Jonathan Quick can make saves standing on his head, off-balance, out of position or even knocking the puck out of the air with his stick like a baseball slugger for all the Chicago Blackhawks care, so long as they sneak more pucks behind the reigning Conn Smythe Trophy winner than the Los Angeles Kings can get past Corey Crawford.

After winning a predictably tight series opener, Chicago looks to take a 2-0 lead in the Western Conference finals as it hosts Los Angeles in a short turnaround Sunday night.

Quick was the playoff MVP while leading the Kings to the franchise's first Stanley Cup title last season, and he's been the talk of this year's playoffs as well. He entered this series with a 1.50 goals-against average and .948 save percentage in 13 playoff games while allowing more than two goals just twice.

He was stellar again in Game 1 on Saturday, recording 17 of his 34 saves in the first period. The Kings had only two shots in the first 20 minutes but held a 1-0 lead as Justin Williams took advantage of a Chicago turnover for his fifth goal of the playoffs.

Chicago finally broke through in the second as Patrick Sharp - who has eight playoff goals - potted a rebound, and Marian Hossa followed 3:53 later by deflecting Duncan Keith's point shot in the net to help the Blackhawks win 2-1.

"You need traffic. You need a deflection. He finds a way to find pucks," coach Joel Quenneville said of Quick. "I think the volume and traffic of shots is the only way to get to this guy.''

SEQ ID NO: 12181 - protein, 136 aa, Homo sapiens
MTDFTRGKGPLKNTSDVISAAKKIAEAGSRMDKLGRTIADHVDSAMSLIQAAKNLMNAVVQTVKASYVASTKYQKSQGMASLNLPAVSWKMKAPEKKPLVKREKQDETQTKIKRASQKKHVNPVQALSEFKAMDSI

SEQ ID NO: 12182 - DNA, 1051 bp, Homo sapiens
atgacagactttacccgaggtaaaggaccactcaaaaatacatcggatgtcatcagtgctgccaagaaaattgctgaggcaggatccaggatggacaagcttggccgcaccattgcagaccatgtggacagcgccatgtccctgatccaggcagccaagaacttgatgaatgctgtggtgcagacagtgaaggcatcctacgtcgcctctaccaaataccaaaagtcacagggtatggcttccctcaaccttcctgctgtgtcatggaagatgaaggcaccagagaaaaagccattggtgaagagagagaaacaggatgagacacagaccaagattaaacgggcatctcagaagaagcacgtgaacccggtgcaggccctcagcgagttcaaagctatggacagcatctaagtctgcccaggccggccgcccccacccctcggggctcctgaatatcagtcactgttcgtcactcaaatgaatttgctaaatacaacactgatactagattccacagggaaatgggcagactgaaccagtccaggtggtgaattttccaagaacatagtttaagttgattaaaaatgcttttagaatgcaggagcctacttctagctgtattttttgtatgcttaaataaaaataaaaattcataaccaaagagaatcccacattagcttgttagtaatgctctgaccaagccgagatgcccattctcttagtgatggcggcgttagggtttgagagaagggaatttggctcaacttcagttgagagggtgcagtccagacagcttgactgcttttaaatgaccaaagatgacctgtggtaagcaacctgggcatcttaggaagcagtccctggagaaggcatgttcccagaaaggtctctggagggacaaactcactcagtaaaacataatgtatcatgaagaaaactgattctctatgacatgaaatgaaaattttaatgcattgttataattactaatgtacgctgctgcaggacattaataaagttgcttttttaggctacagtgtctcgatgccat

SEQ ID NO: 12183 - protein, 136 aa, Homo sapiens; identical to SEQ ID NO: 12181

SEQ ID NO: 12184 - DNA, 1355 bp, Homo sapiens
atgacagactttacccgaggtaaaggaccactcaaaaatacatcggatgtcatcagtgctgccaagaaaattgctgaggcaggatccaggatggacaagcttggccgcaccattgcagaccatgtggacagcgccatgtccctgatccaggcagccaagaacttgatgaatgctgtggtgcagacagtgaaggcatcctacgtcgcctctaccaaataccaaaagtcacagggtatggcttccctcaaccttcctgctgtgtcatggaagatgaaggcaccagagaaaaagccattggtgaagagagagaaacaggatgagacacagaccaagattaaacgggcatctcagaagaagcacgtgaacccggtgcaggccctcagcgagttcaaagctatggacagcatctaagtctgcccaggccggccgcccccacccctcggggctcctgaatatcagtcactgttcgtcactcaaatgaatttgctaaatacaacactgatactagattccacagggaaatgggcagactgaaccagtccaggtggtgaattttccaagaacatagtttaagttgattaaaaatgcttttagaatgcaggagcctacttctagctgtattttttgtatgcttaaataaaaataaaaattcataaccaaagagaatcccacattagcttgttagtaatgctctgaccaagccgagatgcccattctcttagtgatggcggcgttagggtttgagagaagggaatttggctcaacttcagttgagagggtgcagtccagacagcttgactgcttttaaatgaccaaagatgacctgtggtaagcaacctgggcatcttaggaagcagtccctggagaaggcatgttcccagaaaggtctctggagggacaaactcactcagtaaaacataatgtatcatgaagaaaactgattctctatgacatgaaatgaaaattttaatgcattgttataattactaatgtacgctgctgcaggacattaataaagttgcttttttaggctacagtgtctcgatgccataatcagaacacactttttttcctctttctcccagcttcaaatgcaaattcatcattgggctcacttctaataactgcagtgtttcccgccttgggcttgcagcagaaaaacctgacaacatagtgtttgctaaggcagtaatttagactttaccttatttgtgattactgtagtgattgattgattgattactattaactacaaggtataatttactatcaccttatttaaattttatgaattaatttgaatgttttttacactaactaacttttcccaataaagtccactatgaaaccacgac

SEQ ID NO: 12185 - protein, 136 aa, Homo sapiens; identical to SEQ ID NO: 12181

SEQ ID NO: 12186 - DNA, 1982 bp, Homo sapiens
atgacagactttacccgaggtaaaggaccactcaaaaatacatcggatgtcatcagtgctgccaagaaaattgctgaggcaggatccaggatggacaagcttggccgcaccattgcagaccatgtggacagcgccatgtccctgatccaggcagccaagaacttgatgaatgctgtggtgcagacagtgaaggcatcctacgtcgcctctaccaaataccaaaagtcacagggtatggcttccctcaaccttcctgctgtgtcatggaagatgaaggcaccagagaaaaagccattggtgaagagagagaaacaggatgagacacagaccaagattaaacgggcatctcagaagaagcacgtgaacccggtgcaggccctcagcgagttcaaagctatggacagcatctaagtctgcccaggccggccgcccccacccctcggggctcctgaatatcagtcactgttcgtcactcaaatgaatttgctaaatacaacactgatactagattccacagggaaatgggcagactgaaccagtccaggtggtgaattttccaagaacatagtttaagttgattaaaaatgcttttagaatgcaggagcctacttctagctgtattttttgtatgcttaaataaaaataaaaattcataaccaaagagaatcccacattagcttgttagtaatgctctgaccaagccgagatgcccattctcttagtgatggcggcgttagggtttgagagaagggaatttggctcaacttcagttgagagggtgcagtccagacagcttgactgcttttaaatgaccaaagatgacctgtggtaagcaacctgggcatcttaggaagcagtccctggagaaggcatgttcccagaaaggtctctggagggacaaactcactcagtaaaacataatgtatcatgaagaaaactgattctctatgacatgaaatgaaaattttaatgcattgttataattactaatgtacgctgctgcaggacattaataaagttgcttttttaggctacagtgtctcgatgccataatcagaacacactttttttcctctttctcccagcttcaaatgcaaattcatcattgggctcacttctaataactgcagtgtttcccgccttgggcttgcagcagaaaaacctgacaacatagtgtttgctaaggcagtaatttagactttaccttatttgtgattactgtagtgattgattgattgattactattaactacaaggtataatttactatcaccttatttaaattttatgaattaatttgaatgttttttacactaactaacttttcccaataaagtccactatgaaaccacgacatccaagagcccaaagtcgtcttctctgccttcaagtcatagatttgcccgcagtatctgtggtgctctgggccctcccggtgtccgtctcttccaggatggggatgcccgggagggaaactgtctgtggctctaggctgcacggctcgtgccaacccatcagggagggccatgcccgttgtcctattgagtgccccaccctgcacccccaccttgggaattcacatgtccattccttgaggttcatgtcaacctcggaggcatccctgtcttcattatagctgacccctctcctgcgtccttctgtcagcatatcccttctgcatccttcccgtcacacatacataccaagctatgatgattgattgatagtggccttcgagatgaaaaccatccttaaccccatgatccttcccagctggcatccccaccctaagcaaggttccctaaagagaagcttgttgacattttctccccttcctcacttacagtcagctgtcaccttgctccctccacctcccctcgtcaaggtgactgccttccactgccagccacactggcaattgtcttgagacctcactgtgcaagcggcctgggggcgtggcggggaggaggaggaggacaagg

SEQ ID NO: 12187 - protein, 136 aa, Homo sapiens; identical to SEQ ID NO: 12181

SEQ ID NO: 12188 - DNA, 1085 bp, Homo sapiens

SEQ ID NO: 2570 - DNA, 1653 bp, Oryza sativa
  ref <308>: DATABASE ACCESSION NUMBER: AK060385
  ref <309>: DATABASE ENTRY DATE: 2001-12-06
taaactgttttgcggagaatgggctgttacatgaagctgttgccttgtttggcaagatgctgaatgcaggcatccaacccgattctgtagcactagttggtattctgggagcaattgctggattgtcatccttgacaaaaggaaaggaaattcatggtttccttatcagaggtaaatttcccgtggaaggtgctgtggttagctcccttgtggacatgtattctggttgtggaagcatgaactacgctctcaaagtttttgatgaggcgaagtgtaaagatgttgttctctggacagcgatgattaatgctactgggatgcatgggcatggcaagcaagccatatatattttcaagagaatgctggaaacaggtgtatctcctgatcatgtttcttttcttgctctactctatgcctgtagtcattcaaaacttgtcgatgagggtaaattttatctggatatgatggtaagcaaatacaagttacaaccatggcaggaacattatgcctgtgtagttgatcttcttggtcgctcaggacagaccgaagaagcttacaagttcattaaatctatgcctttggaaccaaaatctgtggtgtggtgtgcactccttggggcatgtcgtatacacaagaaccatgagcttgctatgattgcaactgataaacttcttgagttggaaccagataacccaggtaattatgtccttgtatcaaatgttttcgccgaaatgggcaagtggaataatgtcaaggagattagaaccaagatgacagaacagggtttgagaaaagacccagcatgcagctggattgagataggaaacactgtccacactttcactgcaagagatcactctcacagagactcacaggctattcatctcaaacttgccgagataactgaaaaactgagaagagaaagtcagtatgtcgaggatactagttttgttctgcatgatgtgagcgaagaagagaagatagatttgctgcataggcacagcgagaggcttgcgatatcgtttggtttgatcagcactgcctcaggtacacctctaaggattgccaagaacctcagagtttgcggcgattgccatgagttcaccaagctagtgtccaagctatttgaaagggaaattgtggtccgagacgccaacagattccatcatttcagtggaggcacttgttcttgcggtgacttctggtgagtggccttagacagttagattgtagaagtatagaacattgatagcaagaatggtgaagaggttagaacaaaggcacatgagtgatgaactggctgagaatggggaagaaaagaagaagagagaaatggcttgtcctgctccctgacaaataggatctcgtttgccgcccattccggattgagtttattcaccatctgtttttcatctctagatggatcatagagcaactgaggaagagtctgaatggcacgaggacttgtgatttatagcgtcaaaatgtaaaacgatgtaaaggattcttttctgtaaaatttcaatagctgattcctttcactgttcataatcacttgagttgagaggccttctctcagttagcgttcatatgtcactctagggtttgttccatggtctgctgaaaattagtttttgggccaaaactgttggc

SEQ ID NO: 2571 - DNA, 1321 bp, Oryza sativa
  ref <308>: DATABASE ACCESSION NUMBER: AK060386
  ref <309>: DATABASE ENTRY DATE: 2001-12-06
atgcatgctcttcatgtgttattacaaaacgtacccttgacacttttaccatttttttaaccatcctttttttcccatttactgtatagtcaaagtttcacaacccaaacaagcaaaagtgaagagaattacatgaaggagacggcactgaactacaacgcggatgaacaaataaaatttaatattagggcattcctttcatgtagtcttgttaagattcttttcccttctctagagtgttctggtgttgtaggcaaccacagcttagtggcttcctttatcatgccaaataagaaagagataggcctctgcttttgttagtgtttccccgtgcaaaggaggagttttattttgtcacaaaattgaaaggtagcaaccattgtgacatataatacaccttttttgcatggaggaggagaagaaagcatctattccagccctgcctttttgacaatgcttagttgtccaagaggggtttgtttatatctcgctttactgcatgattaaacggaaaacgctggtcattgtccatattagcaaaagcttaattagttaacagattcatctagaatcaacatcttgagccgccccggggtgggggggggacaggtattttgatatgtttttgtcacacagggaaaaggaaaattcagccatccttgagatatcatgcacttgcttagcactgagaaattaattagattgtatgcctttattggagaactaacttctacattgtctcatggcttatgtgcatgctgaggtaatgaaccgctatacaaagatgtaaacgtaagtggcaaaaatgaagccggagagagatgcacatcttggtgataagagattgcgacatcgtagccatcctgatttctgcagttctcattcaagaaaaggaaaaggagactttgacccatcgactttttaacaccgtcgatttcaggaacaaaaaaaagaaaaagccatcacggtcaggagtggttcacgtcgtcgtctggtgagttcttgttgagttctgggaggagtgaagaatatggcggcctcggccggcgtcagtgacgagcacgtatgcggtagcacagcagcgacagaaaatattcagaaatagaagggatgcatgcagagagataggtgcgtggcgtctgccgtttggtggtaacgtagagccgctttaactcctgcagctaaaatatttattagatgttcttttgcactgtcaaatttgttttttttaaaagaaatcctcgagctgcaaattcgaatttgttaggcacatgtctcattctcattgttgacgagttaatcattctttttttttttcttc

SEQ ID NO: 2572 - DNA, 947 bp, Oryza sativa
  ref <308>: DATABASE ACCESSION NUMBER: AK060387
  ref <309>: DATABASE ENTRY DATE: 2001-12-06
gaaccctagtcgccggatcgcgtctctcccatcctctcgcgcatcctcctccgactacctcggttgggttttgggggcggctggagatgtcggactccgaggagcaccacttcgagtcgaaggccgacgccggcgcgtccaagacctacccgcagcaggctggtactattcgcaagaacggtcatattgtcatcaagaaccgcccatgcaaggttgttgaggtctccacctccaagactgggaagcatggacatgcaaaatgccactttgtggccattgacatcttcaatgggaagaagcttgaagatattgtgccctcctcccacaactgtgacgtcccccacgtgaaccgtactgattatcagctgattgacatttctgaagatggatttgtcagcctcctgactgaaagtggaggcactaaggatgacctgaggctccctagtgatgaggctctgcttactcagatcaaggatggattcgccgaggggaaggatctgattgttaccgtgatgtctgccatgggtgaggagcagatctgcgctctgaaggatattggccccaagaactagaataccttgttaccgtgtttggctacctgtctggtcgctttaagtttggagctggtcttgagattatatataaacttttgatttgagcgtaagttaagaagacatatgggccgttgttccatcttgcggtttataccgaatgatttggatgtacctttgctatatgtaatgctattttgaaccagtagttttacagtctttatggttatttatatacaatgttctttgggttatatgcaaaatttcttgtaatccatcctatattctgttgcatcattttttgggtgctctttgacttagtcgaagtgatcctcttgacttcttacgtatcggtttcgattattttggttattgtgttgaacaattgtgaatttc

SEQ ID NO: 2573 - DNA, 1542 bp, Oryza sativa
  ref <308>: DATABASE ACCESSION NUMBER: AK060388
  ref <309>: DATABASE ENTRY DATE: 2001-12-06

For all of Quick's success, he had just a 4.05 GAA while going 1-2-0 versus the Blackhawks in the regular season.

"If Quick's going to see it, he's going to stop it. If we can get a slight tip on it, I think it changes his view,'' said Bryan Bickell, who had an assist on Hossa's goal. "It was a nice tip by Hoss.''

Crawford made 21 saves to help the Blackhawks improve to 7-1 at home in the postseason. Thought to be the second-best goaltender in the series, he has more than held his own in the playoffs.

Crawford, who teamed with Ray Emery to earn the William Jennings Trophy as the goaltending tandem that allowed the fewest regular-season goals, entered the West final with a 1.70 GAA. He's allowed one goal in four of the last five games, including a 2-1 overtime victory over Detroit in Game 7 on Wednesday.

The Kings dropped to 1-6 on the road in the playoffs, with each defeat coming by a 2-1 score. Twelve of their 14 contests have been decided by one goal, while five of the Blackhawks' 13 have been decided by that margin.

"We've got to forget about this one right now, for sure,'' center Anze Kopitar said. "There's some stuff that's going to be addressed, what we have to do better in preparation.''

The back-to-back games - which may fatigue both teams after they needed the full seven games last round to advance - is a necessity since the Rolling Stones are playing a third concert at the United Center on Monday after playing there last Tuesday and Friday.

"It's always great when you win the first game, especially (in a) back-to-back (situation), (to) give you a little momentum,'' Hossa said. ``I felt like we did lots of good things. We know we have to be better (Sunday) and keep doing those things.''